How Sustainable Buying and Health go hand-in-hand

Exploring How Sustainability and Health Go Together in Everyday Life

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Sustainability has become an essential concept for most people today. Over the last five years, 90% of customers  are making more sustainable choices. This creates a positive ripple effect, as businesses and governments are pressured to show their commitment to sustainability through tangible actions and decisions. Beyond what our individual actions can achieve for the environment, making sustainable apparel choices can also impact our health and daily lives in more ways than we can imagine. In this post, we'll explore some of the ways that sustainability and health intersect in our lives:


Exercising regularly, whether daily or weekly, means investing in certain items to enhance your workouts or drive better fitness results. These investments could include home workout equipment, running shoes, and fitness wear. For those practicing yoga, for example, buying proper yoga wear for classes and at-home yoga sessions can yield more health benefits for you while being a more sustainable and green choice in the long term.

Instead of buying yoga wear that uses microplastic fabrics like spandex, for example, try looking for yoga pants made of a modal blend for more breathability, flexibility, and comfort as you do your yoga exercises. For more complex or advanced yoga practices, look for shirts with breathable materials and soft seams so they don't scratch and irritate the skin.


Many food consumption trends today contribute to lots of waste globally. The sale and production of red meat products cause significant environmental pollution, such as carbon emissions. A more personalized diet plan can be the ideal solution to this problem. Not only can you tailor your meals to produce less waste and lower their environmental impact, but you can also stay much healthier in the long run. Some diet plans feature meat-free, plant-based recipes as well. Personalized diet plans can help you commit to a healthier lifestyle as it involves fewer restrictions and will still ensure your body gets all the nutrients it needs to stay healthy.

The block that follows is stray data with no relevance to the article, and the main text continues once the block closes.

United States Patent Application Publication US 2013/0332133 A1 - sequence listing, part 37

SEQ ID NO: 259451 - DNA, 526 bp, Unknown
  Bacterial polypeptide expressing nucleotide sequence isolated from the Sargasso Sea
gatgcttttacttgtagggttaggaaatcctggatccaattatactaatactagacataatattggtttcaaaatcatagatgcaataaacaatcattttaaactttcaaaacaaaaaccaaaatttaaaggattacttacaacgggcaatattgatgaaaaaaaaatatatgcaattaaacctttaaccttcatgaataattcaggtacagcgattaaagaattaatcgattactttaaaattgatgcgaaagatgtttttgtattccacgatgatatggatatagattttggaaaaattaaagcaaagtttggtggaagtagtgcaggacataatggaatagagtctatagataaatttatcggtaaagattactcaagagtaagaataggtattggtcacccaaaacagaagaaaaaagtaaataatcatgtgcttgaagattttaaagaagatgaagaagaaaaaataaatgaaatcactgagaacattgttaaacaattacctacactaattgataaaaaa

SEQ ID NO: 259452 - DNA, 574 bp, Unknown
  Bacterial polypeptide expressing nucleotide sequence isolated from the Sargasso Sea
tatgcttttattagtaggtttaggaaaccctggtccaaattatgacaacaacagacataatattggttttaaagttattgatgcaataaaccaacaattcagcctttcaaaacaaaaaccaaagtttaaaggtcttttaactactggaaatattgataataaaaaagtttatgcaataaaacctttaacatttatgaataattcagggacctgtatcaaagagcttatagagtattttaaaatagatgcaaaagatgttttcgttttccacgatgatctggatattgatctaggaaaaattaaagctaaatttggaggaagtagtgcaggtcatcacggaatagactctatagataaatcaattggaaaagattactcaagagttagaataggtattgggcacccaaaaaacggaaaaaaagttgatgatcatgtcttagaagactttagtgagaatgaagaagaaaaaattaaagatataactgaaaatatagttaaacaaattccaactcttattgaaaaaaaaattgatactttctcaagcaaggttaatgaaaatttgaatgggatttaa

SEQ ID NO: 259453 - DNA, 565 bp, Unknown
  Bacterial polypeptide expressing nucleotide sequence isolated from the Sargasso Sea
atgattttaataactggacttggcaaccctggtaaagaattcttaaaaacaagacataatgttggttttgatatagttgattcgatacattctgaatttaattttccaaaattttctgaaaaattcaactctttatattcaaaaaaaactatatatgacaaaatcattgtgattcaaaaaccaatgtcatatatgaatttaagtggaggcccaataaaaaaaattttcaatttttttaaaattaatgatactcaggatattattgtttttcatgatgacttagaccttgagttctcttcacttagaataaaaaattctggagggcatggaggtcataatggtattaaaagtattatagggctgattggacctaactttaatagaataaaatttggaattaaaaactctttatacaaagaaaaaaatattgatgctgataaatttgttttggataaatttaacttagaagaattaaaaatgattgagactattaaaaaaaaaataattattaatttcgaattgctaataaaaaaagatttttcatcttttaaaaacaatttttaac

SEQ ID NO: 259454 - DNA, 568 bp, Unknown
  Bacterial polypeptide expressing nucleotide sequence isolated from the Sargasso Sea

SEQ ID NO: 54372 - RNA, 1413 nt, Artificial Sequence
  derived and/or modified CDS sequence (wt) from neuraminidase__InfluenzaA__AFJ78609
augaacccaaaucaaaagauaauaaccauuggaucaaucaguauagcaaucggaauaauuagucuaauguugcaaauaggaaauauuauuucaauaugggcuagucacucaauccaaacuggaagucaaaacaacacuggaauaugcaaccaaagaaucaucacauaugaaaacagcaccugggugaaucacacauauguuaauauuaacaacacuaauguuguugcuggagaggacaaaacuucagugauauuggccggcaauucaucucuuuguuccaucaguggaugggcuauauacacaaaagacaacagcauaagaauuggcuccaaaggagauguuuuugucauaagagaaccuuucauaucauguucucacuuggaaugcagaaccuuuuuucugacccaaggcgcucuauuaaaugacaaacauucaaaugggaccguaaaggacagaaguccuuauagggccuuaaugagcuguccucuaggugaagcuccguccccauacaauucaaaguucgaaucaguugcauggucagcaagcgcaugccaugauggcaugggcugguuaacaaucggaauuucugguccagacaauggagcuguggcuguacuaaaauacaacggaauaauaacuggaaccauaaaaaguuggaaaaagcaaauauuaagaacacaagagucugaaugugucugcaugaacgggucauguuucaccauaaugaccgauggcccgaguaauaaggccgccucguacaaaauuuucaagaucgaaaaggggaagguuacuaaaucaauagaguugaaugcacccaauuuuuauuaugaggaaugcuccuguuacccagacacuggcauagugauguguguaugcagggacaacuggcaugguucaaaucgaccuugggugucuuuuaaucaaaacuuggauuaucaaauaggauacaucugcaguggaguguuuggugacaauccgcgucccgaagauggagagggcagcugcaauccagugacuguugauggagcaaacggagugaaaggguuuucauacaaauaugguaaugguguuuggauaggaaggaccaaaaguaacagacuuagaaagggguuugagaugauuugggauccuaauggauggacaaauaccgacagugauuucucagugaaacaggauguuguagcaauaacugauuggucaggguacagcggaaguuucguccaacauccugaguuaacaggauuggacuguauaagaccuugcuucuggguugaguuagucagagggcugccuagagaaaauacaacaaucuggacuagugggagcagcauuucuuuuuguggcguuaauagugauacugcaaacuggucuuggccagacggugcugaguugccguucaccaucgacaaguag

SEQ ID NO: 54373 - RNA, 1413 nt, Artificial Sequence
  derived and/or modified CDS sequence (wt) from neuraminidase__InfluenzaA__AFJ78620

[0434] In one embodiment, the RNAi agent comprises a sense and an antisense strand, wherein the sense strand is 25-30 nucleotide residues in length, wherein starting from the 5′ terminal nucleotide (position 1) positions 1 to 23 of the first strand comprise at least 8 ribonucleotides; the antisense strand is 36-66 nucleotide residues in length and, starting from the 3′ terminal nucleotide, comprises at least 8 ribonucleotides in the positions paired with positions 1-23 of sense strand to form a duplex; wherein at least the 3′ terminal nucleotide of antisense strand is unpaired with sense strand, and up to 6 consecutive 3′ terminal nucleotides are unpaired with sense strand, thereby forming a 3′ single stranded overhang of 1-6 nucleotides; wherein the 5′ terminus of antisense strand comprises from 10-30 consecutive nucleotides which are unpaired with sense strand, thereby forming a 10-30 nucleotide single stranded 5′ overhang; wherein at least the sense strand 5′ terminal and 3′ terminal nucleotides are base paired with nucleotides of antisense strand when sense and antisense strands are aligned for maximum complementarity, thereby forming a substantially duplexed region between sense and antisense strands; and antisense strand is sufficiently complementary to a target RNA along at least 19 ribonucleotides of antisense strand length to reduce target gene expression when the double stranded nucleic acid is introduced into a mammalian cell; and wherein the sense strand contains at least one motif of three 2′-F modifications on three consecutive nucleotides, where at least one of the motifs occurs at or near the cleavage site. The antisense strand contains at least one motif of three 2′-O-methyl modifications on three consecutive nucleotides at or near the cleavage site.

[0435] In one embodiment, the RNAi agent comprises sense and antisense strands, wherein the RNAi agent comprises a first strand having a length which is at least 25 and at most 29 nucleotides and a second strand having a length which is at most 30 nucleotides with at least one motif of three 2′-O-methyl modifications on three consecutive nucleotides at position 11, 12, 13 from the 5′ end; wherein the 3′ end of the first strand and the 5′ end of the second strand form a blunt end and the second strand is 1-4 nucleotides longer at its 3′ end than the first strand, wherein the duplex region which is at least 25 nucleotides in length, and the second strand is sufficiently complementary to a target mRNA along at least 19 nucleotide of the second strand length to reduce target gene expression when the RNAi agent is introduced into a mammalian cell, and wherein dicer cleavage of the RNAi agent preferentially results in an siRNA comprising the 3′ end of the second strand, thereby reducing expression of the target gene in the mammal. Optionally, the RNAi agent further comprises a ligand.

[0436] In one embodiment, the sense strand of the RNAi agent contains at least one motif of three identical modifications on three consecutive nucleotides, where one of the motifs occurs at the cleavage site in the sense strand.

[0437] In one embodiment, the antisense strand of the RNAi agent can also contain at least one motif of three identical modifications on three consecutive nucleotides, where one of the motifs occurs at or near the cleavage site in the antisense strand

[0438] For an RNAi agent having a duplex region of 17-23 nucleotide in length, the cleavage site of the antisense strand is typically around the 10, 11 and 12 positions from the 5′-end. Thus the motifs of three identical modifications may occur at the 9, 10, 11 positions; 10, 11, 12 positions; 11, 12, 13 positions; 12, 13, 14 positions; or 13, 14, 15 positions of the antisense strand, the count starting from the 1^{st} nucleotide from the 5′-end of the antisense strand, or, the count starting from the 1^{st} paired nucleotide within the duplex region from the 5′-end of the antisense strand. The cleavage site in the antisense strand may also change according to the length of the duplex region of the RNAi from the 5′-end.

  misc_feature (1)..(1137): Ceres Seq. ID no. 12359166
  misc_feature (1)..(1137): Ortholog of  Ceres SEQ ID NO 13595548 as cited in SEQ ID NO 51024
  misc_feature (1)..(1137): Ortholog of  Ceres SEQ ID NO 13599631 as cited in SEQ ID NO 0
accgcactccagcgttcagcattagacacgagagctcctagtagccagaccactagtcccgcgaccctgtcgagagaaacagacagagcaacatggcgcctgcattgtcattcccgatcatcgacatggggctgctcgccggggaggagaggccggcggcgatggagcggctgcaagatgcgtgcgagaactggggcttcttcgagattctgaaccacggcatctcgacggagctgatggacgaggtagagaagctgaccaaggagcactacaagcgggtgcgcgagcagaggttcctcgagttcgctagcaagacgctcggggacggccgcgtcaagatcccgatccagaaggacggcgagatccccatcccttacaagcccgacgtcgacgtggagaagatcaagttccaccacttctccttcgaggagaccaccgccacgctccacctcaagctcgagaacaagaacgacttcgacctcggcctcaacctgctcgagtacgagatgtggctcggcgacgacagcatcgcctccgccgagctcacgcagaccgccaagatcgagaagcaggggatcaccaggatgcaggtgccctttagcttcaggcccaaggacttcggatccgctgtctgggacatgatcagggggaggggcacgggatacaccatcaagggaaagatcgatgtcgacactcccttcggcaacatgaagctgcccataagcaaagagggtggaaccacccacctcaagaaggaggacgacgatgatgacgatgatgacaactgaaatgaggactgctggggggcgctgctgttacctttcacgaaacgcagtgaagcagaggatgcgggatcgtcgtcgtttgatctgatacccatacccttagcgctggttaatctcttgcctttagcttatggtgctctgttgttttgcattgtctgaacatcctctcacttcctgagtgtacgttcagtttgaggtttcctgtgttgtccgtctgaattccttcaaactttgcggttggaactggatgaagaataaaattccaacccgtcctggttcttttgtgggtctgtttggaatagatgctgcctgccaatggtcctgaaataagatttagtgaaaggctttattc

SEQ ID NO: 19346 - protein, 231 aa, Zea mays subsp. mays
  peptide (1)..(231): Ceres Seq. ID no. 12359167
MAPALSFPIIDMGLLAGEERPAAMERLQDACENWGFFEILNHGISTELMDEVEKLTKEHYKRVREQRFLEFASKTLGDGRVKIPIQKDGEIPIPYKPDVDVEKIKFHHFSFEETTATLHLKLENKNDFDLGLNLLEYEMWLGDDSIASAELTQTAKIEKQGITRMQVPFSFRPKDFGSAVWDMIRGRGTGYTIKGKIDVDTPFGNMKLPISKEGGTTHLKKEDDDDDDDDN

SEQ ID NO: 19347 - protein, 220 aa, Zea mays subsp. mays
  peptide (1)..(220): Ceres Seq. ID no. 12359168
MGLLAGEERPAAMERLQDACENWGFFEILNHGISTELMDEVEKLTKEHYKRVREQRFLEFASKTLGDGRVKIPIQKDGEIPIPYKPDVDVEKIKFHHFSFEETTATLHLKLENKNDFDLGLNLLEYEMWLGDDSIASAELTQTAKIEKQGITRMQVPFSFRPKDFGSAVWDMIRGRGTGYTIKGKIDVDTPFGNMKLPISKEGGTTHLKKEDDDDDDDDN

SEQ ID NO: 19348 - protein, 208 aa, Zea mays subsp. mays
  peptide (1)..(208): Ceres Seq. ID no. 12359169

If you're thinking of making any dietary choices, don't just focus on losing weight, but look at alternative foods and meals that are as good for your body as they are for the environment. Interested in having greener menu items? Try and see if you can grow your vegetables and fruits — tomatoes, for example, are known to be great for beginner gardeners — for a more sustainable and fulfilling transition to a healthier diet.


Finally, travel may be more connected to sustainability and health than you think. Some people turn to travel to destress, while others are required to travel for work. When the pandemic broke out in 2020, business travel expenses dropped by 52% as employers and employees alike explore digital, more convenient alternatives such as online meetings and calls. Today, the tourism industry — plane trips, boat rides, accommodation, and lodging — is responsible for 8% of the world's carbon emissions. Of that 8%, 49% goes to the different modes of transportation involved.

Ultimately, it's essential to be more conscious about how you're getting to your destinations and what impact that may have on the environment. Experts are continuously working on alternatives to fossil fuels, such as sustainable aviation fuel. More people are also exploring the benefits of owning and driving electric cars, so it helps to follow suit when possible. Traveling can help alleviate feelings of stress and depression, but there are more sustainable ways of meeting these needs than getting on a flight for impromptu vacations — such as biking to a nearer park, for example. It's certainly not the same, but it's also essential to be more conscious about these lifestyle choices.

Article contributed by Roan James
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